English Grammar Basic Grammar and syntax

Infinitives bare in English


This post helps you understand what a simple infinitive is, how and when to use it in a sentence correctly.

What is an infinitive in English?

An infinitive is ‘TO + V1’ of a verb that functions as a noun, adjective or adverb. It is a non-finite verb, which means that it does not change for and the tense of the sentence.


  • I need to sleep. (noun)
  • All we want is to drink something. (noun)
  • The person to meet there is Rahul. (adjective, modifying the noun ‘person’)
  • We need something to drink. It’s getting hot in here. (adjective, modifying the noun ‘something’)
  • We are going there to meet Jacob. (adverb, giving the reason of the main verb ‘going’)
  • It is important to sleep now. (adverb, modifying the adjective ‘important’)

What is a bare infinitive?

Un infinitivo simple, también conocido como infinitivo cero, es un infinitivo que no tiene la partícula TO en él.


  • I made her take the test.
  • We should leave now.
  • You had better go home. It’s getting dark.
  • I would rather kill myself than marry her.

We use the bare infinitive in the following cases:

  • After certain causative verbs and verbs of perception
  • After modal verbs
  • After ‘had better’ and ‘would rather’
  • After certain prepositions

After certain causative verbs and verbs of perception

Usamos un infinitivo simple después de los siguientes verbos: make, let, see, hear, watch, help, etc.


  • I made him say sorry to her.
  • My father does not let me smoke.
  • Did anyone watch us steal the money?
  • She did not hear us talk about the crime.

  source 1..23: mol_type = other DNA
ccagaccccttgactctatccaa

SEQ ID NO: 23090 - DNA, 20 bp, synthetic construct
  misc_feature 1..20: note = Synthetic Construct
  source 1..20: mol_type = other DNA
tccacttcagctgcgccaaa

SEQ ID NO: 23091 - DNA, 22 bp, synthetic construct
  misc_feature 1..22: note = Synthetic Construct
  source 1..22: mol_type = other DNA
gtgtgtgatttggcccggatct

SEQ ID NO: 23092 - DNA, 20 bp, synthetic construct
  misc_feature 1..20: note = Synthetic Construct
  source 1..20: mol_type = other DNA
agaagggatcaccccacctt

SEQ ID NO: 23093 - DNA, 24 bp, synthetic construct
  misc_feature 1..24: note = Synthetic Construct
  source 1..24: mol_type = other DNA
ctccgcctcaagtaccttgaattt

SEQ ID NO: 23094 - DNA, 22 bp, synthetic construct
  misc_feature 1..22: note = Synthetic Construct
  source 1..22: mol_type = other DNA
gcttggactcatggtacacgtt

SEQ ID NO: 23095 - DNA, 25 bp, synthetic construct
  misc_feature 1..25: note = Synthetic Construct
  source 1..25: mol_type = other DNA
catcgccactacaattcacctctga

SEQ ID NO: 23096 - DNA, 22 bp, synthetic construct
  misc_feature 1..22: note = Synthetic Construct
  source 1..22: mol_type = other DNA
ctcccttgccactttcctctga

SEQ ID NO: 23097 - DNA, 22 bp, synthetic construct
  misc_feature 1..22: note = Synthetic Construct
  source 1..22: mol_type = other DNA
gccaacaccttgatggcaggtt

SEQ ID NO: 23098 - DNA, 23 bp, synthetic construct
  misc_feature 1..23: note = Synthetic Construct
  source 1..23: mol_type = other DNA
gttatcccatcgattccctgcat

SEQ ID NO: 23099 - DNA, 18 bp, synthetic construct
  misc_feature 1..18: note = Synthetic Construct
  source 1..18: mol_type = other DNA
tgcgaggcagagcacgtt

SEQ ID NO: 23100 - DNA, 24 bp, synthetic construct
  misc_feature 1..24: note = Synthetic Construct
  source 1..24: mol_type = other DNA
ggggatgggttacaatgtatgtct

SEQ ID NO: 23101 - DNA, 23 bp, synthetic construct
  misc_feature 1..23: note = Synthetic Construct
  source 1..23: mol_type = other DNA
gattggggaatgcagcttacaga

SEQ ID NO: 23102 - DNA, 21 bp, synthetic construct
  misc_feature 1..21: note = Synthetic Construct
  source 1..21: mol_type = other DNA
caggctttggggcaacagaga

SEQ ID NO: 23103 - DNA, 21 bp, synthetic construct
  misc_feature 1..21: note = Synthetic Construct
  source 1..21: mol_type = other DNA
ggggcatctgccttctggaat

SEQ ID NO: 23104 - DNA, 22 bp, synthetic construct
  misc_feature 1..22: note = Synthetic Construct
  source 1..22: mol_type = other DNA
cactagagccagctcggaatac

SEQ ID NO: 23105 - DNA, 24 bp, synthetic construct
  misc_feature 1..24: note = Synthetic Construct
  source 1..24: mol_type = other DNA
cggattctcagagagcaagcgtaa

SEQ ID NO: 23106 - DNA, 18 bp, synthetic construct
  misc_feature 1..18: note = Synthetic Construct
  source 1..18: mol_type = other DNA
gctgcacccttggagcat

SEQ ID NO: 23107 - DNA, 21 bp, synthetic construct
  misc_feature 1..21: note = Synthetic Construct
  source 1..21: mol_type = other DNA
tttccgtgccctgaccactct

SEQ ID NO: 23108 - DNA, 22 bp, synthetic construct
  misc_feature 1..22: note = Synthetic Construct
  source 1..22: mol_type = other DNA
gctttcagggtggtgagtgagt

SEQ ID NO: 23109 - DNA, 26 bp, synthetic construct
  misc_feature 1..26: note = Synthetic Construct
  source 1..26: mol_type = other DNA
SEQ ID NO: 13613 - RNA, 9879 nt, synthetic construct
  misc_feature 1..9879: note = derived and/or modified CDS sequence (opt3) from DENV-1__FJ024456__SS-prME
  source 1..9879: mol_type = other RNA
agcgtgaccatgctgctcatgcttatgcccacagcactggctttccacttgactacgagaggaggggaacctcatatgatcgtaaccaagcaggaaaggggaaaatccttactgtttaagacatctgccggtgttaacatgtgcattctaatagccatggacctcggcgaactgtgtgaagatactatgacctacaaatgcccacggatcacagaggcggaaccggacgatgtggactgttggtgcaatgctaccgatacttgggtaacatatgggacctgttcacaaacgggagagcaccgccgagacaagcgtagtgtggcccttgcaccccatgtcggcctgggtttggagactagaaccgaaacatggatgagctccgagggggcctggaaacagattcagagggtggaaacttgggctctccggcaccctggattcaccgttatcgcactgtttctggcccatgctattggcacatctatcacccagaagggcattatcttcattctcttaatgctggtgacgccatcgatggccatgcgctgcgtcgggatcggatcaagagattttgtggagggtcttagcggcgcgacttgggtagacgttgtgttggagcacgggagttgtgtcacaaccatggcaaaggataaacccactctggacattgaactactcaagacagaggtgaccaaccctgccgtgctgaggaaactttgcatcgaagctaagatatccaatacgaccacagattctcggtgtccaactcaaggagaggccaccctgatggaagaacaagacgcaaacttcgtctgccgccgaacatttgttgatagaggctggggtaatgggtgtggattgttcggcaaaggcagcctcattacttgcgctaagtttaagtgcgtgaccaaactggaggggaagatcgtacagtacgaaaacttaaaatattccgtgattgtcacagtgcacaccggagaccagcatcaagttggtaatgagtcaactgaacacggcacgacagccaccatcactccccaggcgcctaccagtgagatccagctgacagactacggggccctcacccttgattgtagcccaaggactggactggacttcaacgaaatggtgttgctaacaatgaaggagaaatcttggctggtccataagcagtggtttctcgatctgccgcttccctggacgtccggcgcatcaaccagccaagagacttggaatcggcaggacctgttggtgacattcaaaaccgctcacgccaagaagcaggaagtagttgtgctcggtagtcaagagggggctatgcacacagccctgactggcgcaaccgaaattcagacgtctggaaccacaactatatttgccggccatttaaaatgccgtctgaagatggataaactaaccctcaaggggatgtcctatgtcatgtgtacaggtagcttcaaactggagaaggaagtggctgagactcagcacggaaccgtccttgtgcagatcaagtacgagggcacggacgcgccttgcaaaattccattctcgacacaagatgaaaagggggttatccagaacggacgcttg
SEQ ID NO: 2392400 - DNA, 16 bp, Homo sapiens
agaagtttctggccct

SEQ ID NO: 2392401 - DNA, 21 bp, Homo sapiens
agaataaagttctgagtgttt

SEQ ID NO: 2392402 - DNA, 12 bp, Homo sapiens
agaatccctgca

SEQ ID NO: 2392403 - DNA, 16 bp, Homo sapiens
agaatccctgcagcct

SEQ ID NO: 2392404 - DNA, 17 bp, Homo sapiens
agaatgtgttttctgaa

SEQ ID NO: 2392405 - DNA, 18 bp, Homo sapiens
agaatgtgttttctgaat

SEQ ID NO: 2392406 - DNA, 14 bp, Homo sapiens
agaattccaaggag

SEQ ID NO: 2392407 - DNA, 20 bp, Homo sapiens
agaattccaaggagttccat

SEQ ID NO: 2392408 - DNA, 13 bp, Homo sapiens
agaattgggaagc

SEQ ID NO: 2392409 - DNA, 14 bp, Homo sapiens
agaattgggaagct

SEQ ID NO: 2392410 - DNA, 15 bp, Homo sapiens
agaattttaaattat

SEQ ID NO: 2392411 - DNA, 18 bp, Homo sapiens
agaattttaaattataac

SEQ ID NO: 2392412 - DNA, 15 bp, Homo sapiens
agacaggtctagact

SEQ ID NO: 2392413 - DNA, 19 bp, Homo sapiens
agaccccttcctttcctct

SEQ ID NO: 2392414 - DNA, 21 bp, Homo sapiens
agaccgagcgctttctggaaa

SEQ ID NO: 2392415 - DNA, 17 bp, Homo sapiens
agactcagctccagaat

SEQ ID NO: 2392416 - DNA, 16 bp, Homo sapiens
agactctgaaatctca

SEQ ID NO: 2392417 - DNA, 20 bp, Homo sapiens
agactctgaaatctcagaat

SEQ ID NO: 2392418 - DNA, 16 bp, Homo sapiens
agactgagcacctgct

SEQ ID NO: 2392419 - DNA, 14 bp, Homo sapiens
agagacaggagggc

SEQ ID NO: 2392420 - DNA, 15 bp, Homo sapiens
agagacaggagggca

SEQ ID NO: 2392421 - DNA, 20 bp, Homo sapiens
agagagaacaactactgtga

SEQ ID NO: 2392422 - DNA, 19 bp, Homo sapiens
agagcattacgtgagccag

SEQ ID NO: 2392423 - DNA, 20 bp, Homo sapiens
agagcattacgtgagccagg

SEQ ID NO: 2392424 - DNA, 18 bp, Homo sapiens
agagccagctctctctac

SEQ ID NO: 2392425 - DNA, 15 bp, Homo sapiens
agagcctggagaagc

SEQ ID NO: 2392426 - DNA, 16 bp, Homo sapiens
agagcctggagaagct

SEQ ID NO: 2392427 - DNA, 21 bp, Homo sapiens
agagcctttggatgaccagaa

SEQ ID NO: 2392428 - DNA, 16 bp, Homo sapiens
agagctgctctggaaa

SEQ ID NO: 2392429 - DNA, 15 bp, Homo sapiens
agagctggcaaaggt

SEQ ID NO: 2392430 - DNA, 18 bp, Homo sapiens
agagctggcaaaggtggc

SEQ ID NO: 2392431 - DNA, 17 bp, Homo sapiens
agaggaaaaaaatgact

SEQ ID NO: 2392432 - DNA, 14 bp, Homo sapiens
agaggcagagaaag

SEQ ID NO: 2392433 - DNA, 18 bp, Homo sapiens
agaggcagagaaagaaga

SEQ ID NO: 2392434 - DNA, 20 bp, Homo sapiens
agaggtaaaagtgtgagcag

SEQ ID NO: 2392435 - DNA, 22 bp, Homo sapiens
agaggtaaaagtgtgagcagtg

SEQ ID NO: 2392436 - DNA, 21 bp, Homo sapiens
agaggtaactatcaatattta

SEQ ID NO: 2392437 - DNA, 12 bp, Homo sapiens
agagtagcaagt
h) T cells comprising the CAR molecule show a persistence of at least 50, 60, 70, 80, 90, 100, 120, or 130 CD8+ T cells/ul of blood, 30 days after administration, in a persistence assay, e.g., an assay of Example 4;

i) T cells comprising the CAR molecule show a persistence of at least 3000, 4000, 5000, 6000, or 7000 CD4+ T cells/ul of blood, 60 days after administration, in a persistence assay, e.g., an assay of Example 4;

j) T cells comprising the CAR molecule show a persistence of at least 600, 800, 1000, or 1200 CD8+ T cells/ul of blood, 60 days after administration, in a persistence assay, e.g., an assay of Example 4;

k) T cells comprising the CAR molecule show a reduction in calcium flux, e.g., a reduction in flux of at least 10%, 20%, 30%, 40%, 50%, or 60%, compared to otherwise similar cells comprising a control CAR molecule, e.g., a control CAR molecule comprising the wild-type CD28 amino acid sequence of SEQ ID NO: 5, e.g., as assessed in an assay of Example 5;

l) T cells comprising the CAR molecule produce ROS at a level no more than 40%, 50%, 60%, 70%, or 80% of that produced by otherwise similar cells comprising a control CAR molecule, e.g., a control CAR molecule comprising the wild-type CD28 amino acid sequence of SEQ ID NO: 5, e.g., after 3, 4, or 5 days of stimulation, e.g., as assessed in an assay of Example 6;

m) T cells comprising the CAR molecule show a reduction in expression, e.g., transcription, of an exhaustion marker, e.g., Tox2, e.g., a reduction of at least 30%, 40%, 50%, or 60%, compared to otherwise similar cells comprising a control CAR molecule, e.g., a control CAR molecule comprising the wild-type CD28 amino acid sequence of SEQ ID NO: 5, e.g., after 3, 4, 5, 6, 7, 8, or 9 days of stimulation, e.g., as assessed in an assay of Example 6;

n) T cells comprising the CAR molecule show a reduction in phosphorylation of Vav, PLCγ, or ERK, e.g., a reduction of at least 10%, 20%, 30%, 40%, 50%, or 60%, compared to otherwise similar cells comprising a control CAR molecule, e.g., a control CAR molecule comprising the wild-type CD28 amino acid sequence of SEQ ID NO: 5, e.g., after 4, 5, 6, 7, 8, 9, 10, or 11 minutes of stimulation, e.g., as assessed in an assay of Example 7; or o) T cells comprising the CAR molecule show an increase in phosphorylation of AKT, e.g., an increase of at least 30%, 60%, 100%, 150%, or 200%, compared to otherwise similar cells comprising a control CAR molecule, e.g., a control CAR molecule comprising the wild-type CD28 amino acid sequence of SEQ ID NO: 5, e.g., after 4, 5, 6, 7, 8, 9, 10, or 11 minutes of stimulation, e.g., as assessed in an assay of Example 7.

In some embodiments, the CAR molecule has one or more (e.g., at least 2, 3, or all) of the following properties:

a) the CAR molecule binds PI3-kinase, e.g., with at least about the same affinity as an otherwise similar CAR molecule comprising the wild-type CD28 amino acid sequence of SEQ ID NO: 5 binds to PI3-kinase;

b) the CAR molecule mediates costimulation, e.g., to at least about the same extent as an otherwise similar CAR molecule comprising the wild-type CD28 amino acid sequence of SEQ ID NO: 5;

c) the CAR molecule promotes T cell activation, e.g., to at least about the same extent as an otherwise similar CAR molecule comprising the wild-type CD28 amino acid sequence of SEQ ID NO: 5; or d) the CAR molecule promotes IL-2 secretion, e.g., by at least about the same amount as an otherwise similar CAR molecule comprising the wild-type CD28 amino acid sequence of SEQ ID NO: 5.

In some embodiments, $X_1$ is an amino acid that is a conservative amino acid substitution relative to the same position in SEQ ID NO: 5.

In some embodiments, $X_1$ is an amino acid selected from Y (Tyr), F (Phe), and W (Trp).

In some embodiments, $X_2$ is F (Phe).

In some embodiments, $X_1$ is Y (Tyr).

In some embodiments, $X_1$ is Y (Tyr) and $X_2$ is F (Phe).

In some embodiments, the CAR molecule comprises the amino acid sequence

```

• I helped you win the match.
  • I saw him play in the park.

Notice that these verbs are followed by an object (a person). The simple infinitive comes after the object, and also note that the object performs the action of the simple infinitive.

After modal verbs

These are the modal verbs together with the basic infinitives: can, could, may, might, should, would, will, shall, must, and needn’t.


  • You should go now.
  • Jon must work on his communication skills.
  • I can beat anyone.
  • You needn’t come tomorrow. (You are not required to come tomorrow.)
  • I can beat anyone.
  • She might now join us today.

Verbs that are used after modal verbs are called simple infinitives, since they do not change their number or tense with respect to the change in the number or tense of the subject. So they are actually functioning as a non-finite verb. By this logic, it is fair to call them non-finite verbs (bare infinitives).

But how can we form a sentence without having the main verb (finite verb)? The modal verb works as an auxiliary verb. A sentence cannot be formed with an auxiliary verb; it has to have a main verb (finite verb) after it. But that is not the case here. We have an (action) verb after the auxiliary verb, but we call it a simple infinitive. An infinitive is formed from a verb, but it does not function as a verb. So the application of the simple infinitive is a bit strange and controversial, at least for me.

After the verbs ‘had better’ and ‘would rather’.

The expressions ‘would have better’ and ‘would prefer’ are followed by a simple infinitive.


  • You had better take this offer; it will change your life.
  • We’d better leave early. We might miss the flight.
  • He had better start working on his communication skills.
  • I would rather kill myself than marry her.
  • She’d rather sit jobless than work with you.
  • I’d would rather die than eat this.


The expression ‘better’ is used to give a tip/suggestion. It is used to refer to an action in the present or in the future, that is desirable, or that we should do. ‘Had’ is sometimes contracted with the subject.

I had better = I’d better
You had better = you’d better


The expression“I’d prefer“is used to show what someone prefers. ‘Would’ can be contracted with the subject.

I would rather = I’d rather
We would rather = we’d rather

After the words BUT and except

For some grammarians, it is strange to use a simple infinitive after these words. But some say that it is grammatical to use the simple infinitive after them.


  • I had no option but pay them.
  • He does nothing except play games on his PC.

Note that it is more common to use a regular infinitive after ‘but’ and a gerund after ‘except’.

  • I had no option but to pay them. (infinitive)
  • He does nothing except playing games on his PC. (gerund)

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